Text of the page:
Commodore Gill is only a supporting part in Stage Fright, but it is a highly significant one, and one of Hitchcock’s most memorable characters. Estranged from his wife, the Commodore lives his own eccentric lifestyle and is apparently happy. He participates in one of the most suspenseful scenes of the film, when he gives a small boy a bloody doll to take to the stage in an attempt to reveal the guilt of Charlotte Inwood (Marlene Dietrich), an effort that is only partially successful.
Sim went on the next year to star as Ebenezer Scrooge in a film version of Dicken’s A Christmas Carol; his grouchy and cantankerous outer shell concealing a heart of gold made him perfect for that part, as it also did for the part of Commodore Gill.
23. Jessica Tandy as Lydia Brenner in The Birds (1963)
Hitchcock liked working with personal friends, and so he cast Jessica Tandy, wife of former associate Hume Cronyn, in the important part of Lydia Brenner, Mitch’s mother. Tandy had originated the role of Blanche DuBois in Tennessee Williams’ A Streetcar Named Desire on Broadway in 1948, but lost the film role to Vivian Leigh and had worked on the stage most of her career.
She took the part of Lydia, Mitch’s sometimes domineering mother who also shows her fragile and vulnerable side as she slowly breaks down under the stress of the constant bird attacks in the film. She was also particularly good in the scene in which Melanie (Tippi Hedren) brings her tea in bed as she recovers from the shock of seeing farmer Dan Fawcett with his eyes pecked out.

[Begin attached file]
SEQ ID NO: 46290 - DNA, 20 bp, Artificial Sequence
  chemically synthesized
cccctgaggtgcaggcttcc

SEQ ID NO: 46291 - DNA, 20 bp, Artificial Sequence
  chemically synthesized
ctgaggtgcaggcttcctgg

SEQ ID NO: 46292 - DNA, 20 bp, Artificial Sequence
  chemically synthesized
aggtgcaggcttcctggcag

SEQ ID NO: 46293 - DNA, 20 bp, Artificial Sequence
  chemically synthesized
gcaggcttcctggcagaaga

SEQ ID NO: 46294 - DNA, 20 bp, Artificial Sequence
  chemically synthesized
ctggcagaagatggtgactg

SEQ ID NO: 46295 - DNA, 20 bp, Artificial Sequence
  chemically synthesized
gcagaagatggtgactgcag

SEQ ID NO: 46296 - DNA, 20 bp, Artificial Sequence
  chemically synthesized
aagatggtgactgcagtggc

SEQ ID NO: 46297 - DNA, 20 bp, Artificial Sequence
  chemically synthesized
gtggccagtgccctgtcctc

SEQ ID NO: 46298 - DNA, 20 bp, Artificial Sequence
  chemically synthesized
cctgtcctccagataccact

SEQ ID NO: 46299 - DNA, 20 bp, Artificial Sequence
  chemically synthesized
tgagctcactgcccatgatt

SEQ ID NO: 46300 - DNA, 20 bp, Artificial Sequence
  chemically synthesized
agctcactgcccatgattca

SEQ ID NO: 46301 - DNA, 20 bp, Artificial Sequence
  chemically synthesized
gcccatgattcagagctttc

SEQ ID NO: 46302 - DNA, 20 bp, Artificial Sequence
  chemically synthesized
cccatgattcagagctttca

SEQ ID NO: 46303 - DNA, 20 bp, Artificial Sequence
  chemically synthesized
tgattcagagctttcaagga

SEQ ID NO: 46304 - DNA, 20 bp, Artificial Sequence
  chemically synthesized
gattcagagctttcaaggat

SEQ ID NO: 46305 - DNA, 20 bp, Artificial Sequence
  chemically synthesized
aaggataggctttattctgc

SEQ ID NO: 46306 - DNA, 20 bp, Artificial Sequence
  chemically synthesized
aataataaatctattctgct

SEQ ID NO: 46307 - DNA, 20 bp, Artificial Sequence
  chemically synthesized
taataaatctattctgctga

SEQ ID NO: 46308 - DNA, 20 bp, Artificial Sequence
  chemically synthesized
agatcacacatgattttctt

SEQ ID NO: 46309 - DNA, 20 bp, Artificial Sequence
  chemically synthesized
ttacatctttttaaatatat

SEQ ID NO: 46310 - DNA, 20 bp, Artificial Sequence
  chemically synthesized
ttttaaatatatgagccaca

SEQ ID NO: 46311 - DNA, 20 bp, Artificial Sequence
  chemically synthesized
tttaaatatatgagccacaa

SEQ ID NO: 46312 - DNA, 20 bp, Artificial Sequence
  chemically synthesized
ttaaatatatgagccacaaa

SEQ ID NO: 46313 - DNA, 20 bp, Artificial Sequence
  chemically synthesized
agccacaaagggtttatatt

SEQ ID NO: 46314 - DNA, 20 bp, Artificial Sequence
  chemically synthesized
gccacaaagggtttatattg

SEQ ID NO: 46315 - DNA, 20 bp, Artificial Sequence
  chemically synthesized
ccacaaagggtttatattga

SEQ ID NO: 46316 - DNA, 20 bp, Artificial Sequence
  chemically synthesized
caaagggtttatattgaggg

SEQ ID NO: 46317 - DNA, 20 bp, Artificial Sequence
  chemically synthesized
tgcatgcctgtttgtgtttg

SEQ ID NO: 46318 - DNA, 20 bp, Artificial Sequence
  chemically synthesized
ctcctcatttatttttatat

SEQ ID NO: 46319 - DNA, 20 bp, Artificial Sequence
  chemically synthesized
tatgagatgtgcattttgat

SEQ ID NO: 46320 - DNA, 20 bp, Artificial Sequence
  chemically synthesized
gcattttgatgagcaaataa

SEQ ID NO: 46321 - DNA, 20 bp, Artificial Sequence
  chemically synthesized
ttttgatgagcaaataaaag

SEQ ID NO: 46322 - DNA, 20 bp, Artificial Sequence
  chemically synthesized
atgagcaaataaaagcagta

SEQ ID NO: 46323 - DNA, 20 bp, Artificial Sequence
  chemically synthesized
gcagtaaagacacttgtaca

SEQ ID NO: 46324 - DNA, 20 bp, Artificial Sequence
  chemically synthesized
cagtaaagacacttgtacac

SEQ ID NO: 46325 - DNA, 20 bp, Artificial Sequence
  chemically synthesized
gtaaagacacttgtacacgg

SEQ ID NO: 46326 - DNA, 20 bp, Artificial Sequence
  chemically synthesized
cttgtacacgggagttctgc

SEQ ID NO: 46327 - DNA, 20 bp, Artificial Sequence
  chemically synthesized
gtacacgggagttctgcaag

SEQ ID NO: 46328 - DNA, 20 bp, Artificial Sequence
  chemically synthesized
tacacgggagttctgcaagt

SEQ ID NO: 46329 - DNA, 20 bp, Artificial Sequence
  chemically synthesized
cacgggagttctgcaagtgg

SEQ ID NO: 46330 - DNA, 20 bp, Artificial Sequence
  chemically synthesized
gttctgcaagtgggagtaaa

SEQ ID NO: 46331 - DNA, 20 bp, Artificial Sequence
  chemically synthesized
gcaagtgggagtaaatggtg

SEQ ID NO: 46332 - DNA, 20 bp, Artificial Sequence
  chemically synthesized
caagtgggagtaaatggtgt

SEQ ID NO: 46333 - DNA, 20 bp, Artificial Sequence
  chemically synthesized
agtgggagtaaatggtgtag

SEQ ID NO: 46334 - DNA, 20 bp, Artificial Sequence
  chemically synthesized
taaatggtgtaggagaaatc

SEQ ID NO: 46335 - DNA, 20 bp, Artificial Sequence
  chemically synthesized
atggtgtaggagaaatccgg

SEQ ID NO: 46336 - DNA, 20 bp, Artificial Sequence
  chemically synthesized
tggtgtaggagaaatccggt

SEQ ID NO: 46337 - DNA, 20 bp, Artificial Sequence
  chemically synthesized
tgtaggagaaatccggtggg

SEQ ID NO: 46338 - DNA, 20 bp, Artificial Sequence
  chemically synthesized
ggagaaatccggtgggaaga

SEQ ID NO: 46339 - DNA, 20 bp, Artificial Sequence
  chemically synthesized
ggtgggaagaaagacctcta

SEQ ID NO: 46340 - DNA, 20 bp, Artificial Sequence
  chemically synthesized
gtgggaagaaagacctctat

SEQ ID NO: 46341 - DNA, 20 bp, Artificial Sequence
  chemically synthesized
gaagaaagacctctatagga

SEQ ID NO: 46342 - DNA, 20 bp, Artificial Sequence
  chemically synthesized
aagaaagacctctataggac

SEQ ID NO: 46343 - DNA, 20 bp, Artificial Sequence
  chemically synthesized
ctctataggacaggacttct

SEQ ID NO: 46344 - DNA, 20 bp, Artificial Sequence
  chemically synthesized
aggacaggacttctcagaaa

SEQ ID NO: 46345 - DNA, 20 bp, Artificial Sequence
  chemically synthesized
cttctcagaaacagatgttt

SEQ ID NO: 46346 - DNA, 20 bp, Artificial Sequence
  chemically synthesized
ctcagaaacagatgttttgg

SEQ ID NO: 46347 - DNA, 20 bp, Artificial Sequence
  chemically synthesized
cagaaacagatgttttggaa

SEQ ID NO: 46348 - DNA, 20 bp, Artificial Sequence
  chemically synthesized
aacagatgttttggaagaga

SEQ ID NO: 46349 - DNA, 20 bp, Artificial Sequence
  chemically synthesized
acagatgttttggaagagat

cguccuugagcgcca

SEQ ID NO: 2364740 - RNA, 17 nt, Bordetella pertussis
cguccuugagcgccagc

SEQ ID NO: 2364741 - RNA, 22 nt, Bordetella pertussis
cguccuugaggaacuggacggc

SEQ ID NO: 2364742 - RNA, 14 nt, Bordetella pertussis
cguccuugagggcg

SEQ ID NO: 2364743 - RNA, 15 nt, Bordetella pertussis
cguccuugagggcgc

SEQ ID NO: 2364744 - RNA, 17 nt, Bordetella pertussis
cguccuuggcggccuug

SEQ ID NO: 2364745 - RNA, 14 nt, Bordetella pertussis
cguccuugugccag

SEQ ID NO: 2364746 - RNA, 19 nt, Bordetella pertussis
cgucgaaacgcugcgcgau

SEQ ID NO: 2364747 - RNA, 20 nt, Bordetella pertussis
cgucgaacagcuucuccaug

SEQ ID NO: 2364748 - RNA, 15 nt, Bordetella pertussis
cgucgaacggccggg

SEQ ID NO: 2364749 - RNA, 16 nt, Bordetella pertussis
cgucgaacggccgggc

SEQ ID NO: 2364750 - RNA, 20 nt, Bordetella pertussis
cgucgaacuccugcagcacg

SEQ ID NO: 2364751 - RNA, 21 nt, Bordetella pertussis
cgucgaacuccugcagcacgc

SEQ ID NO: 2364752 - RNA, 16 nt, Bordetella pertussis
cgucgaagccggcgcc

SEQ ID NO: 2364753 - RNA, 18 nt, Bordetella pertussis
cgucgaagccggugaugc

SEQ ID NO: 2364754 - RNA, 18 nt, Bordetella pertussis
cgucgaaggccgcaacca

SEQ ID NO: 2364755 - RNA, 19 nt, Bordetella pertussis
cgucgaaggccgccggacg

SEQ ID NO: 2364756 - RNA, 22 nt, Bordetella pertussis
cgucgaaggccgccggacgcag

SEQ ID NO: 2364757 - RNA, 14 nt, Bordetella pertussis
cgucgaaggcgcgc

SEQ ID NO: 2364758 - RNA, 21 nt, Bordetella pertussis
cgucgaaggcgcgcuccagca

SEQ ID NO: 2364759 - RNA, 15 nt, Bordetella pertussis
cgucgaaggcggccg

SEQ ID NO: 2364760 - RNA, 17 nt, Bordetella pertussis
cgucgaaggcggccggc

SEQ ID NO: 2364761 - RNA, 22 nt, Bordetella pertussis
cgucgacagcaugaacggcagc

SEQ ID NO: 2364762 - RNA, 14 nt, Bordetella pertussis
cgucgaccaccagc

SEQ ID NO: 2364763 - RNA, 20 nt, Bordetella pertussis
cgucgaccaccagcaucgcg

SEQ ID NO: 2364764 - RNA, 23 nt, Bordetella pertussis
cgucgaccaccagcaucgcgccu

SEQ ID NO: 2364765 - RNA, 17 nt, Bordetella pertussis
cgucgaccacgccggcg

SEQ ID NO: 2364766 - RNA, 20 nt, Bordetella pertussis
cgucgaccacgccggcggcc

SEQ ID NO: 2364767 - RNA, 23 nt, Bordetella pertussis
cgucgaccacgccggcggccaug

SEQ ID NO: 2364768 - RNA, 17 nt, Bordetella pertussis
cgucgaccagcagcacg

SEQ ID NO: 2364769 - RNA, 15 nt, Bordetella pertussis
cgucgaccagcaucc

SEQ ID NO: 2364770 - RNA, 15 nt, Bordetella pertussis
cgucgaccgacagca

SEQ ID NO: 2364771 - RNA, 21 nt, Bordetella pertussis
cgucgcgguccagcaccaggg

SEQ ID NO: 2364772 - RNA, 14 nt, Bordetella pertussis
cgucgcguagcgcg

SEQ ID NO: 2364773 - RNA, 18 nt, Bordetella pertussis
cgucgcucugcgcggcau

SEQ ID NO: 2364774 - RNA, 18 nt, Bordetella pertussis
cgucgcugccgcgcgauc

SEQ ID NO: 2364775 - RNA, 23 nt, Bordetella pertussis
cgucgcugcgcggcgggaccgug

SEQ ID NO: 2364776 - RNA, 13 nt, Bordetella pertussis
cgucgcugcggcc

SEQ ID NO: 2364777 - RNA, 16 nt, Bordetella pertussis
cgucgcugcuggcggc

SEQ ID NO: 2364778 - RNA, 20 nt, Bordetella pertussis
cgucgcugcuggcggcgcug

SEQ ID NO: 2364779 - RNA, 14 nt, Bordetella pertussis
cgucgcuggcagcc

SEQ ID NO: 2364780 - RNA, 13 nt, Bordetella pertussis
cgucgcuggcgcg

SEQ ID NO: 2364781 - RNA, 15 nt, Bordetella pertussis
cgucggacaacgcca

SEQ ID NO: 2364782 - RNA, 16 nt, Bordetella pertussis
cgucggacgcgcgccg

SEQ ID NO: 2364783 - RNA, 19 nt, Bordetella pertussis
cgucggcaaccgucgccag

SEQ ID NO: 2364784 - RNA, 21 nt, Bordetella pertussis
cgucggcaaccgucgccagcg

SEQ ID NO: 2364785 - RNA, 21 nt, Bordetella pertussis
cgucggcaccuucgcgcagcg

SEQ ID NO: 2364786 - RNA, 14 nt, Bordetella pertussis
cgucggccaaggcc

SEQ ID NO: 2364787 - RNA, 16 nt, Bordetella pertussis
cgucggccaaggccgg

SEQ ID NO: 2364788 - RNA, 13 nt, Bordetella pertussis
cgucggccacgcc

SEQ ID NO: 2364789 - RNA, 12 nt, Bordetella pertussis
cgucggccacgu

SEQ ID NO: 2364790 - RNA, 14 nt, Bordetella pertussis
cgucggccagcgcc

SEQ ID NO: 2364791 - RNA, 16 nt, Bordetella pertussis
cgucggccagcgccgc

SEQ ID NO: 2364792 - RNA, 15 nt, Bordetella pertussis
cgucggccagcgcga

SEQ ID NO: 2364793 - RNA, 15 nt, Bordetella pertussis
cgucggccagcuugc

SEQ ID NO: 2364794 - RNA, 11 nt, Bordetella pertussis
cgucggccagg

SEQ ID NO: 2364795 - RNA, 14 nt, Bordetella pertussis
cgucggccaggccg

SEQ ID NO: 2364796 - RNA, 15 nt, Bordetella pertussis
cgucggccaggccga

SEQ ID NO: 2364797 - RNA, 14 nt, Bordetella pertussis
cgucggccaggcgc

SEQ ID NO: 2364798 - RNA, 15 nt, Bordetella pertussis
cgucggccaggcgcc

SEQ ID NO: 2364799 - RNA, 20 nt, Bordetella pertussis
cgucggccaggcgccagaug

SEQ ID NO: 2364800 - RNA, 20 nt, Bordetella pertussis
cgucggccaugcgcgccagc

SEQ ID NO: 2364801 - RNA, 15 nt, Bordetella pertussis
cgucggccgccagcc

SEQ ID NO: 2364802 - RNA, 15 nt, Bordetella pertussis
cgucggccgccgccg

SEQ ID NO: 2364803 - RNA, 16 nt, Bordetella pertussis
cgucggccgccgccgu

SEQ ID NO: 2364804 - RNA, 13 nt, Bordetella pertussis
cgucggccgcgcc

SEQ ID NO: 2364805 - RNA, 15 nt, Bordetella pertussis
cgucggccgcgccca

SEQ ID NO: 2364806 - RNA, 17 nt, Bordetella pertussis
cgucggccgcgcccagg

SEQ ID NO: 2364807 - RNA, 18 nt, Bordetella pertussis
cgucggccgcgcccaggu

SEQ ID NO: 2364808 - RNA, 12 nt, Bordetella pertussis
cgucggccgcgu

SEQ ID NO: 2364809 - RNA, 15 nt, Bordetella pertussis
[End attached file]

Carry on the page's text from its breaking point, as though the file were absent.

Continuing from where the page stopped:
Tandy went back to Broadway, for the most part, after her turn in The Birds, but had a late career surge in films, starring in Cocoon and Driving Miss Daisy in the 1980’s. She finally became known to a younger generation of filmgoers and was admired for her indomitable spirit and classy demeanor. Jessica Tandy passed away in 1994, but will always be remembered for her part as Lydia in one of Hitchcock’s most shocking and terrifying films.
22. John Dall as Brandon Shaw in Rope (1948)
Hitchcock’s 1948 film Rope was an experiment on several levels. His first film on his own as a producer, it was also his first film in color and was shot in a series of long takes in order to give the impression that the film was taking place in real time over the course of one evening, in the home of Brandon (Dall) and Phillip (Farley Granger).
Hitchcock wanted Montgomery Clift for the part of Phillip and Cary Grant for Rupert, their former teacher and mentor, but Clift and Grant declined and he had to accept Granger and Jimmy Stewart, who was woefully miscast as Rupert.
Dall, however, was happy to take the part of the aggressive Brandon, who initiates the murder of David Kentley and takes delight in serving a dinner party to his friends and family on a chest containing the body. Dall gives a compelling performance as Brandon, goading his partner into the murder then keeping a cool head for the rest of the evening as their guests wonder what happened to David.